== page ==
Stanley And His Monsters: ‘Kubrick’s Music’

❉ The ideal accompaniment to the strange, beguiling, infuriating and fascinating films of the auteur himself.

“If you’re looking for the works of Laurie Johnson or Wendy Carlos, then you’re going to be disappointed – fittingly this box set from Cherry Red, as with the man himself, largely eschews the obvious routes to travel.”

If there are two things that everybody seems to know about Stanley Kubrick, they are firstly that he was an enigma, and secondly that he was a perfectionist. The workings of his mind as a director and an auteur frequently remained a mystery, while the jocular tales of ‘Fifty-Eight Take Stanley’ remain legion to this day.

What should also be borne in mind, though, is that he was a brilliant, idiosyncratic genius in his choice of projects. Other people had already told war stories, science fiction tales, and historical yarns on celluloid. There had been other film-makers who’d adapted novels which were generally considered to be unfilmable. But Stanley’s real brilliance lay in his ability and his willingness to do these things more flamboyantly, more memorably, more strikingly than his fellows.

And an important part of this was his approach to scoring his films. In an era where certain ‘approved’ composers would be hired regularly to score a certain type of cinematic story, he approached skilled but comparatively obscure figures such as Laurie Johnson and Alex North. He’d often score his works-in-progress with what were initially intended as ‘temp’ tracks, mood pieces that he originally planned to replace with original material, only to find that many of the stock pieces worked so well that they ended up as part of the final soundtrack. As a result, the aural atmosphere of a Kubrick film frequently became as memorable as the visuals that he conjured up, often giving the final product a decidedly idiosyncratic quality that only served to make it even more noteworthy.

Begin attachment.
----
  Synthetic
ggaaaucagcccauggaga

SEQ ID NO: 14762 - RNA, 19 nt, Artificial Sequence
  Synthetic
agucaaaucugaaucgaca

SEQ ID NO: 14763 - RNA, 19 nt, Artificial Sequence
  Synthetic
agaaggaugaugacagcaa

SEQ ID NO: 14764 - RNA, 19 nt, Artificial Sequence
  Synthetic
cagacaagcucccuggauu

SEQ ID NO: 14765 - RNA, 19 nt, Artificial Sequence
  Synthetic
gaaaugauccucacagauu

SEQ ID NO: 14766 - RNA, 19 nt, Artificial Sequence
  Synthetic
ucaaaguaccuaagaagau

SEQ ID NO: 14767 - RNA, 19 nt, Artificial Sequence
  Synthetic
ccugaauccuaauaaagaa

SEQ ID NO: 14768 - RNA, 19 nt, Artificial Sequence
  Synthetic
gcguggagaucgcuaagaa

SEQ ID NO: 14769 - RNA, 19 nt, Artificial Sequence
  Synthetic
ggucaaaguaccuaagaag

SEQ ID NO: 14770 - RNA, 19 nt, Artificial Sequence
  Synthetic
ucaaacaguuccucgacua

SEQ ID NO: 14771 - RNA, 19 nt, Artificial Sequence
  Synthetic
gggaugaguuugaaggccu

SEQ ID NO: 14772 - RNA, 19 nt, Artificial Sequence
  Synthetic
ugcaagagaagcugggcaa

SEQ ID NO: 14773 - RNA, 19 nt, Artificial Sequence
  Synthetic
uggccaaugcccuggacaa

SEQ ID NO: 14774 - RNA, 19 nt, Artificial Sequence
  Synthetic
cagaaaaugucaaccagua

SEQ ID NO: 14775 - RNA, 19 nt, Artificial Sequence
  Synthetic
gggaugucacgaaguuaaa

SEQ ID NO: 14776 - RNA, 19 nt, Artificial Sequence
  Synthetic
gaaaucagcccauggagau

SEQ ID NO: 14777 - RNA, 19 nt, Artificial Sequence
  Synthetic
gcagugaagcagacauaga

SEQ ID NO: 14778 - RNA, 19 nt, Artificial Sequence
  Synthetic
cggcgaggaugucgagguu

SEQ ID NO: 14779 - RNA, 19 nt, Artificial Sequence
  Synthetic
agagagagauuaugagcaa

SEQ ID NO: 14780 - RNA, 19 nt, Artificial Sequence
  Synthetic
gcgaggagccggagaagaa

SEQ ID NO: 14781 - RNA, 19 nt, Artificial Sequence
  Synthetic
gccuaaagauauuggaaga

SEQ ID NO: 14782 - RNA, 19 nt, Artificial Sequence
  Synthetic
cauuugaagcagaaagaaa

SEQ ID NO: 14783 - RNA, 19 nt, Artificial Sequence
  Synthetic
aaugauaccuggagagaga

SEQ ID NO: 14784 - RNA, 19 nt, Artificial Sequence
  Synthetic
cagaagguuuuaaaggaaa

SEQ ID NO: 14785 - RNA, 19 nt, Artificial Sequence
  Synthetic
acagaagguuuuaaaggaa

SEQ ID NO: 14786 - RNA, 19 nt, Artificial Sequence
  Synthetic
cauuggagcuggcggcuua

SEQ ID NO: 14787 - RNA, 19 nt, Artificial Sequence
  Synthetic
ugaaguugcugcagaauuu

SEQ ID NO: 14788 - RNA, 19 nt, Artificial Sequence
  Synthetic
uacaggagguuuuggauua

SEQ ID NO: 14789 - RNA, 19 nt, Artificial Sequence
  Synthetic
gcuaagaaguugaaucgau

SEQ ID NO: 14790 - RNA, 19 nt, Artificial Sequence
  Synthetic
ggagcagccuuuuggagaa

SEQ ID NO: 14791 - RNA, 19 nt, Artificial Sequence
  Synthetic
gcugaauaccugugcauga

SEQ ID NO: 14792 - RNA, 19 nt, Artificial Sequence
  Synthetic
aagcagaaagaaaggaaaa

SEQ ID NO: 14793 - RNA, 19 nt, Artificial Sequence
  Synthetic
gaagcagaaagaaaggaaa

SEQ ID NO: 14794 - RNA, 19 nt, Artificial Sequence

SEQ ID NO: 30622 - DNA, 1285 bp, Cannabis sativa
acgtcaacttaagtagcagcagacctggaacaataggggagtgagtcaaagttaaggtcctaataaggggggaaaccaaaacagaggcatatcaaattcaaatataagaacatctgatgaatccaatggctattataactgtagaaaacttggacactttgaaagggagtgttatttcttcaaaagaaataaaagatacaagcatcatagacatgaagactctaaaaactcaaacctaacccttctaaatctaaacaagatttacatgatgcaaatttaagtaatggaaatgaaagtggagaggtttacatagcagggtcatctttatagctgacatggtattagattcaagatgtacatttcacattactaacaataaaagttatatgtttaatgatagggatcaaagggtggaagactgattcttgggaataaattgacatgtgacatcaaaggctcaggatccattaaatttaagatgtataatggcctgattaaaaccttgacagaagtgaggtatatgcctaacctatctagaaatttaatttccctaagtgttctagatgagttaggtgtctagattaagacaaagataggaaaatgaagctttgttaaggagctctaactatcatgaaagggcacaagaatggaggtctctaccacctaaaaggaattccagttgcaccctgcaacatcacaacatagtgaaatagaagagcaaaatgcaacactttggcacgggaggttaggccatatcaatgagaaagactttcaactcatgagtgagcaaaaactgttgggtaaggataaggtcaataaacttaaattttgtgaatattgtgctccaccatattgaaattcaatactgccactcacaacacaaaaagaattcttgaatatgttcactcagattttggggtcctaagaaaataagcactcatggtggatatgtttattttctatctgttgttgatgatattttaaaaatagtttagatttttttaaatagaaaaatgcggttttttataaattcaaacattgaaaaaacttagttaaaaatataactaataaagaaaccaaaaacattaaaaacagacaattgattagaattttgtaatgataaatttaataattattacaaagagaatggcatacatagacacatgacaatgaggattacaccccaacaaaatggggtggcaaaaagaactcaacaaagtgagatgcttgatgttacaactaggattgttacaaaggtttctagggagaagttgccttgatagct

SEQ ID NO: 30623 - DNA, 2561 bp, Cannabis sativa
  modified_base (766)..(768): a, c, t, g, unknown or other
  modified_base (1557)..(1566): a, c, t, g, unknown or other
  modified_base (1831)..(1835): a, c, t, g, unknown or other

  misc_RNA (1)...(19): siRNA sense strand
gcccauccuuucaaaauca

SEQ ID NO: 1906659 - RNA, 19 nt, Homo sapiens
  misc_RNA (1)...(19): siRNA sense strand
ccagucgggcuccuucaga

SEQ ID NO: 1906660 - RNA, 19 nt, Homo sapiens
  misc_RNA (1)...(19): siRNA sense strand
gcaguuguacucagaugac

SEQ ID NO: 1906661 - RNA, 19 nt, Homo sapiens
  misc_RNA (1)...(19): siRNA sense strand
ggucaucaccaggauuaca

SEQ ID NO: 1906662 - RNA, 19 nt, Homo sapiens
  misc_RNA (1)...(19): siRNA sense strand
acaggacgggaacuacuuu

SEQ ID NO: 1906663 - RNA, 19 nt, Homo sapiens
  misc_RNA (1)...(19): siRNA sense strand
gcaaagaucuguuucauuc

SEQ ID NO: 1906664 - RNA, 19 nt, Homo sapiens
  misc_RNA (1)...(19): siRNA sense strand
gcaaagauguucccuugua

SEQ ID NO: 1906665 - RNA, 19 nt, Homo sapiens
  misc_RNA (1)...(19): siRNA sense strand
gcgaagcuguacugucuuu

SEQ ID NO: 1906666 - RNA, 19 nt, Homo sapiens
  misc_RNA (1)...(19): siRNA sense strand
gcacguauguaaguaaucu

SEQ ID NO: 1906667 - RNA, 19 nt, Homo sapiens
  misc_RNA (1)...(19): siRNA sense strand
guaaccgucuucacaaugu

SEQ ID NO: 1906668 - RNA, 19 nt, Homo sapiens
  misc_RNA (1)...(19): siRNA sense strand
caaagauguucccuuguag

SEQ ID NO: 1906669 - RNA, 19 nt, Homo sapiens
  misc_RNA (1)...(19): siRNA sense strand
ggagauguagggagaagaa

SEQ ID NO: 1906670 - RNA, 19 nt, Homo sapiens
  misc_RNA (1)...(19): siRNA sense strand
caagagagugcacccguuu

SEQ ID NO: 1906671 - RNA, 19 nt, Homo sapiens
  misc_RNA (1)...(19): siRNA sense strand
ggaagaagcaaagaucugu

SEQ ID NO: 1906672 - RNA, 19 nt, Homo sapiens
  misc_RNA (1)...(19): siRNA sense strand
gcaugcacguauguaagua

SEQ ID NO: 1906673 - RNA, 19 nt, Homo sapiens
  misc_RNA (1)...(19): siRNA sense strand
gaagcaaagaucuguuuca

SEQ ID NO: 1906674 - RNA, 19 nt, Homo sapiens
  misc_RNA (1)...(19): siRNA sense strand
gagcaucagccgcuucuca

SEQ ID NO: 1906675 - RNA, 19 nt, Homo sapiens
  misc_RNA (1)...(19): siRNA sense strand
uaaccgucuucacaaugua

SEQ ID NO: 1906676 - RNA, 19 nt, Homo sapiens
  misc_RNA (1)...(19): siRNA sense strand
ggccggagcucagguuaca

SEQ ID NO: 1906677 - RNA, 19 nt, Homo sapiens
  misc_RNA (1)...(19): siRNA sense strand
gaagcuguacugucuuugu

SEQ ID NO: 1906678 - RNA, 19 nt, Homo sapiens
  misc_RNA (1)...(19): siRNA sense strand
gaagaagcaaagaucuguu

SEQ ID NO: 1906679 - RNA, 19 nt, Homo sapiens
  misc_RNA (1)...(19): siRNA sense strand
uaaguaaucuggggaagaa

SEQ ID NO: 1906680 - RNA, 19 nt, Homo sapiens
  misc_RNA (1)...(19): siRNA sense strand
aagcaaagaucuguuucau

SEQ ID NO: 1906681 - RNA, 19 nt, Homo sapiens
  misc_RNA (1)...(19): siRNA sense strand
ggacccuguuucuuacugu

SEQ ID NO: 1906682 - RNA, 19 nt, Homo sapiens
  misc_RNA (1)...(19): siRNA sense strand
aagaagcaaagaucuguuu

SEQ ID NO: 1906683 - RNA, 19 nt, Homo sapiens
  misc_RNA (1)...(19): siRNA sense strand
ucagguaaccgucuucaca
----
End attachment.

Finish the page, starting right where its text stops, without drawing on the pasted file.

Which makes it even more fitting that the new four-CD box set from Cherry Red, as with the man himself, largely eschews the obvious routes to travel. The listener will find many familiar pieces, but maybe not the ones that they expected. The result is a winning concoction – you’ll remember the films, you’ll remember the set pieces, but rather than a parrot-fashion instant replay you’ll be given evocations, flavours of the films, rather than slavish note-for-note recreations. Consequently, what you’ll hear is at times more like a privileged glimpse into Kubrick’s thought processes than simply sitting in a screening room and watching the rushes. Rather than the purely passive experience of re-living the films, you start to feel some small measure of what Kubrick was pondering over and musing about as he assembled the pieces to start with.

So, if you’re looking for the works of Laurie Johnson or Wendy Carlos, then you’re going to be disappointed – in fact, the only sizeable section of specially-composed-for-the-film music that you’ll find here is the stridently, then lushly, memorable work of Alex North for Spartacus, the single soundtrack represented here that’s probably been heard the least. The first disc covers Paths Of Glory, Lolita, and Dr Strangelove (Or How I Learned To Stop Worrying And Love The Bomb) – kicking off with a traditional rendition of La Marseillaise before careening through the likes of Chopin and Oscar Peterson, taking in Sue Lyon’s near-novelty track Lolita Ya-Ya, before eschewing the ominous variations on When Johnny Comes Marching Home which Johnson provided for Strangelove in favour of Toots Thieleman’s Try A Little Tenderness and Vera Lynn’s We’ll Meet Again – a song suggested for that closing sequence by none other than Spike Milligan.